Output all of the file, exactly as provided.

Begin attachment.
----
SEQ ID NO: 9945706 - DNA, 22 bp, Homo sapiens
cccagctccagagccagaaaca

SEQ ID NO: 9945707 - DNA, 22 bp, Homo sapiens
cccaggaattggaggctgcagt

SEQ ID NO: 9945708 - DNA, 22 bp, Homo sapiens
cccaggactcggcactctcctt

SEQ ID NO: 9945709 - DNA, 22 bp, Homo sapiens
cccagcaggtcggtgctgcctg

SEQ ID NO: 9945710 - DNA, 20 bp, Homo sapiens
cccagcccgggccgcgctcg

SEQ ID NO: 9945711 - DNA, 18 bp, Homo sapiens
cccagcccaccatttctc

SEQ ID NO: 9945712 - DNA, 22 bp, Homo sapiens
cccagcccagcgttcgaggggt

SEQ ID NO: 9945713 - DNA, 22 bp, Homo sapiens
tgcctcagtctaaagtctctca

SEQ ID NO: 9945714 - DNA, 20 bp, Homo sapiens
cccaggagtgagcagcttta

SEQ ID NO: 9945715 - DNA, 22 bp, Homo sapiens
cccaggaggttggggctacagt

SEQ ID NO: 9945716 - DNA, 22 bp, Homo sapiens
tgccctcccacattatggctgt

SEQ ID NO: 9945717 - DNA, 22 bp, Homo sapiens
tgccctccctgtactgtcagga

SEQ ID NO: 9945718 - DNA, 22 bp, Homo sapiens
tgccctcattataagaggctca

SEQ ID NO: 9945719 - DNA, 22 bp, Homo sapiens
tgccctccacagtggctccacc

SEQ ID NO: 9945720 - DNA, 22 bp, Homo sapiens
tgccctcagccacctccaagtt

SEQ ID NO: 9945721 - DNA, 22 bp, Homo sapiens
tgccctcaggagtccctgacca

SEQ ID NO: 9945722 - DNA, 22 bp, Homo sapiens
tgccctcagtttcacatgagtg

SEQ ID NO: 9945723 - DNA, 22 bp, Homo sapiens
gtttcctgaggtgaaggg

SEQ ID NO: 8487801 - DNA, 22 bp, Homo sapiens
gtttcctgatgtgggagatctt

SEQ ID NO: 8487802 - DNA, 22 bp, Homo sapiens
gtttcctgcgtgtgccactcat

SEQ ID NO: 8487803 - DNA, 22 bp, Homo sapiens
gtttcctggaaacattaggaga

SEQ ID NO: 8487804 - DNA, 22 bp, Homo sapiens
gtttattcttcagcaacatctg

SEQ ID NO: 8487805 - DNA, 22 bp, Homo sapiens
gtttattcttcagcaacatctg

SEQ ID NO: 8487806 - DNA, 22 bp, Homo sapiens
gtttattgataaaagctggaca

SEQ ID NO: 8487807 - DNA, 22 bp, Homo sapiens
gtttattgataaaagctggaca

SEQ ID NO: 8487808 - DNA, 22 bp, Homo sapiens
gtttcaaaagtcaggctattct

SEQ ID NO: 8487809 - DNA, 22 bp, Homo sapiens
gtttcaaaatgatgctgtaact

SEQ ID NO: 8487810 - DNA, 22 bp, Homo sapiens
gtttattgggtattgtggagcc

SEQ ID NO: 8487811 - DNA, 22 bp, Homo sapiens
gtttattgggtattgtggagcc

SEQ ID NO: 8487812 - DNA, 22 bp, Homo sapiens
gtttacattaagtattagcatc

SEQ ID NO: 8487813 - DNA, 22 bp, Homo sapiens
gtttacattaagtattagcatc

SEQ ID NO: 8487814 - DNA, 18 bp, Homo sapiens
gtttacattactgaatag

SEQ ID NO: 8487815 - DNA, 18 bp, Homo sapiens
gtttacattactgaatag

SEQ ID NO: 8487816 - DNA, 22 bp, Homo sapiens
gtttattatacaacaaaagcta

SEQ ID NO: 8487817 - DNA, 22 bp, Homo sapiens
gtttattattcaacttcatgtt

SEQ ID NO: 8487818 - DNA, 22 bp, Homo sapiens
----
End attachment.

SEQ ID NO: 9945706 - DNA, 22 bp, Homo sapiens
cccagctccagagccagaaaca

SEQ ID NO: 9945707 - DNA, 22 bp, Homo sapiens
cccaggaattggaggctgcagt

SEQ ID NO: 9945708 - DNA, 22 bp, Homo sapiens
cccaggactcggcactctcctt

SEQ ID NO: 9945709 - DNA, 22 bp, Homo sapiens
cccagcaggtcggtgctgcctg

SEQ ID NO: 9945710 - DNA, 20 bp, Homo sapiens
cccagcccgggccgcgctcg

SEQ ID NO: 9945711 - DNA, 18 bp, Homo sapiens
cccagcccaccatttctc

SEQ ID NO: 9945712 - DNA, 22 bp, Homo sapiens
cccagcccagcgttcgaggggt

SEQ ID NO: 9945713 - DNA, 22 bp, Homo sapiens
tgcctcagtctaaagtctctca

SEQ ID NO: 9945714 - DNA, 20 bp, Homo sapiens
cccaggagtgagcagcttta

SEQ ID NO: 9945715 - DNA, 22 bp, Homo sapiens
cccaggaggttggggctacagt

SEQ ID NO: 9945716 - DNA, 22 bp, Homo sapiens
tgccctcccacattatggctgt

SEQ ID NO: 9945717 - DNA, 22 bp, Homo sapiens
tgccctccctgtactgtcagga

SEQ ID NO: 9945718 - DNA, 22 bp, Homo sapiens
tgccctcattataagaggctca

SEQ ID NO: 9945719 - DNA, 22 bp, Homo sapiens
tgccctccacagtggctccacc

SEQ ID NO: 9945720 - DNA, 22 bp, Homo sapiens
tgccctcagccacctccaagtt

SEQ ID NO: 9945721 - DNA, 22 bp, Homo sapiens
tgccctcaggagtccctgacca

SEQ ID NO: 9945722 - DNA, 22 bp, Homo sapiens
tgccctcagtttcacatgagtg

SEQ ID NO: 9945723 - DNA, 22 bp, Homo sapiens
gtttcctgaggtgaaggg

SEQ ID NO: 8487801 - DNA, 22 bp, Homo sapiens
gtttcctgatgtgggagatctt

SEQ ID NO: 8487802 - DNA, 22 bp, Homo sapiens
gtttcctgcgtgtgccactcat

SEQ ID NO: 8487803 - DNA, 22 bp, Homo sapiens
gtttcctggaaacattaggaga

SEQ ID NO: 8487804 - DNA, 22 bp, Homo sapiens
gtttattcttcagcaacatctg

SEQ ID NO: 8487805 - DNA, 22 bp, Homo sapiens
gtttattcttcagcaacatctg

SEQ ID NO: 8487806 - DNA, 22 bp, Homo sapiens
gtttattgataaaagctggaca

SEQ ID NO: 8487807 - DNA, 22 bp, Homo sapiens
gtttattgataaaagctggaca

SEQ ID NO: 8487808 - DNA, 22 bp, Homo sapiens
gtttcaaaagtcaggctattct

SEQ ID NO: 8487809 - DNA, 22 bp, Homo sapiens
gtttcaaaatgatgctgtaact

SEQ ID NO: 8487810 - DNA, 22 bp, Homo sapiens
gtttattgggtattgtggagcc

SEQ ID NO: 8487811 - DNA, 22 bp, Homo sapiens
gtttattgggtattgtggagcc

SEQ ID NO: 8487812 - DNA, 22 bp, Homo sapiens
gtttacattaagtattagcatc

SEQ ID NO: 8487813 - DNA, 22 bp, Homo sapiens
gtttacattaagtattagcatc

SEQ ID NO: 8487814 - DNA, 18 bp, Homo sapiens
gtttacattactgaatag

SEQ ID NO: 8487815 - DNA, 18 bp, Homo sapiens
gtttacattactgaatag

SEQ ID NO: 8487816 - DNA, 22 bp, Homo sapiens
gtttattatacaacaaaagcta

SEQ ID NO: 8487817 - DNA, 22 bp, Homo sapiens
gtttattattcaacttcatgtt

SEQ ID NO: 8487818 - DNA, 22 bp, Homo sapiens